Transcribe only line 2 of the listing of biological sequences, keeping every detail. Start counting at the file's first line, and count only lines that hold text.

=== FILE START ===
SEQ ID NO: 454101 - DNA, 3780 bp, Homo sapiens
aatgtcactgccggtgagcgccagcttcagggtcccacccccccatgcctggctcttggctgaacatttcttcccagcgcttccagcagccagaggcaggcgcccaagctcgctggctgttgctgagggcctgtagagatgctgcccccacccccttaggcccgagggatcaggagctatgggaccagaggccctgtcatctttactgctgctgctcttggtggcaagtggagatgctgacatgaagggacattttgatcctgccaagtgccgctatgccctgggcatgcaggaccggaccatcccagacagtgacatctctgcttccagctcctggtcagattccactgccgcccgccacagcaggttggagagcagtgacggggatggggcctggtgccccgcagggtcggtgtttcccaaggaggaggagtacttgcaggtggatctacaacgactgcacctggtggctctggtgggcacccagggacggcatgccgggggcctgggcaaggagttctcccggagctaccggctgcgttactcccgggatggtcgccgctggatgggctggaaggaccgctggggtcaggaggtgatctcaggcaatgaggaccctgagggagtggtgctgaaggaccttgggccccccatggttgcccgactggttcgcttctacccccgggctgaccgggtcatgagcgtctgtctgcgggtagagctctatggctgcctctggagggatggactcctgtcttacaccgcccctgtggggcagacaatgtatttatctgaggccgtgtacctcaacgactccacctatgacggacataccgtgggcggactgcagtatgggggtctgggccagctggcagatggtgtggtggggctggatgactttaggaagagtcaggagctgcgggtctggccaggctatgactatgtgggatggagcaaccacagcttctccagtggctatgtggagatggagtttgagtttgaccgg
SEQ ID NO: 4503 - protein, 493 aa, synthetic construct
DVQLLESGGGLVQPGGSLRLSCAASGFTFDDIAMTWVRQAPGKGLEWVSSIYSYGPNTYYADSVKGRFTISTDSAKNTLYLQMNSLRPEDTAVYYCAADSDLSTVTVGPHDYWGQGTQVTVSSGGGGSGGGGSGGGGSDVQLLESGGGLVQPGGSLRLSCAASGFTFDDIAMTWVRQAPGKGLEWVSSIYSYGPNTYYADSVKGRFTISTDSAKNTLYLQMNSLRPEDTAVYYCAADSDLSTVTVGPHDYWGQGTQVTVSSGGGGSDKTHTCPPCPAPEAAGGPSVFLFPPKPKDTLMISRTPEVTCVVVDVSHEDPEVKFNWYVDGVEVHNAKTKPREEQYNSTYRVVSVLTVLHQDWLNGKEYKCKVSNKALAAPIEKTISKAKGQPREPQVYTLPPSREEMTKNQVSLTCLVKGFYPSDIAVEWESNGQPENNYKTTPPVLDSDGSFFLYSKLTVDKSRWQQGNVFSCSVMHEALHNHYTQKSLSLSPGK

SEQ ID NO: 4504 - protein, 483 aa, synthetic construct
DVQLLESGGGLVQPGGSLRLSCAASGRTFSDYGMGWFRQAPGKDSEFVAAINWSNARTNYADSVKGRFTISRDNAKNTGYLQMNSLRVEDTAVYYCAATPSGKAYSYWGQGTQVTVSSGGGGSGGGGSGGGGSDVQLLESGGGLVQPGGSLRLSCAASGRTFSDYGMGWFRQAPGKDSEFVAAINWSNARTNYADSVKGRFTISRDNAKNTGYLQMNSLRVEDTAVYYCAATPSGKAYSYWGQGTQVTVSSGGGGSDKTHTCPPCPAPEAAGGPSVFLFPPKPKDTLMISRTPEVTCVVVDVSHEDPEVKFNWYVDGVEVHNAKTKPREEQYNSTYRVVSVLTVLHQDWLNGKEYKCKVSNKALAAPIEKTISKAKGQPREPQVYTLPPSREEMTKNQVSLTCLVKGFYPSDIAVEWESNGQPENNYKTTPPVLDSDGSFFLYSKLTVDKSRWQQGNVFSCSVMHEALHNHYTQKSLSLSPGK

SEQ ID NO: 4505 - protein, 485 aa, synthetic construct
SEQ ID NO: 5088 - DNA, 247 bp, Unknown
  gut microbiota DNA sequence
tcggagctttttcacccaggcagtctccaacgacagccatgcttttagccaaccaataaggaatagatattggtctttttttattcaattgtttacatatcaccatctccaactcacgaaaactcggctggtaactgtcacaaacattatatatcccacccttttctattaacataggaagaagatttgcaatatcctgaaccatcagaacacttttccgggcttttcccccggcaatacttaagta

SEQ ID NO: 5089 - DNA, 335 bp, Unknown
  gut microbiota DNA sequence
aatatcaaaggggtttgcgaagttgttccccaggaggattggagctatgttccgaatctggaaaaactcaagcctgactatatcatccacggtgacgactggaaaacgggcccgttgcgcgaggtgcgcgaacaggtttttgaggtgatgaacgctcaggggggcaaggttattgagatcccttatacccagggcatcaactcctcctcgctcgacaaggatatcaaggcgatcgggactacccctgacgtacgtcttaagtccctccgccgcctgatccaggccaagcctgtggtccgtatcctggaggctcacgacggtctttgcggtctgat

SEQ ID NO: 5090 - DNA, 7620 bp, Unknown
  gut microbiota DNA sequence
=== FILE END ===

aatgtcactgccggtgagcgccagcttcagggtcccacccccccatgcctggctcttggctgaacatttcttcccagcgcttccagcagccagaggcaggcgcccaagctcgctggctgttgctgagggcctgtagagatgctgcccccacccccttaggcccgagggatcaggagctatgggaccagaggccctgtcatctttactgctgctgctcttggtggcaagtggagatgctgacatgaagggacattttgatcctgccaagtgccgctatgccctgggcatgcaggaccggaccatcccagacagtgacatctctgcttccagctcctggtcagattccactgccgcccgccacagcaggttggagagcagtgacggggatggggcctggtgccccgcagggtcggtgtttcccaaggaggaggagtacttgcaggtggatctacaacgactgcacctggtggctctggtgggcacccagggacggcatgccgggggcctgggcaaggagttctcccggagctaccggctgcgttactcccgggatggtcgccgctggatgggctggaaggaccgctggggtcaggaggtgatctcaggcaatgaggaccctgagggagtggtgctgaaggaccttgggccccccatggttgcccgactggttcgcttctacccccgggctgaccgggtcatgagcgtctgtctgcgggtagagctctatggctgcctctggagggatggactcctgtcttacaccgcccctgtggggcagacaatgtatttatctgaggccgtgtacctcaacgactccacctatgacggacataccgtgggcggactgcagtatgggggtctgggccagctggcagatggtgtggtggggctggatgactttaggaagagtcaggagctgcgggtctggccaggctatgactatgtgggatggagcaaccacagcttctccagtggctatgtggagatggagtttgagtttgaccgg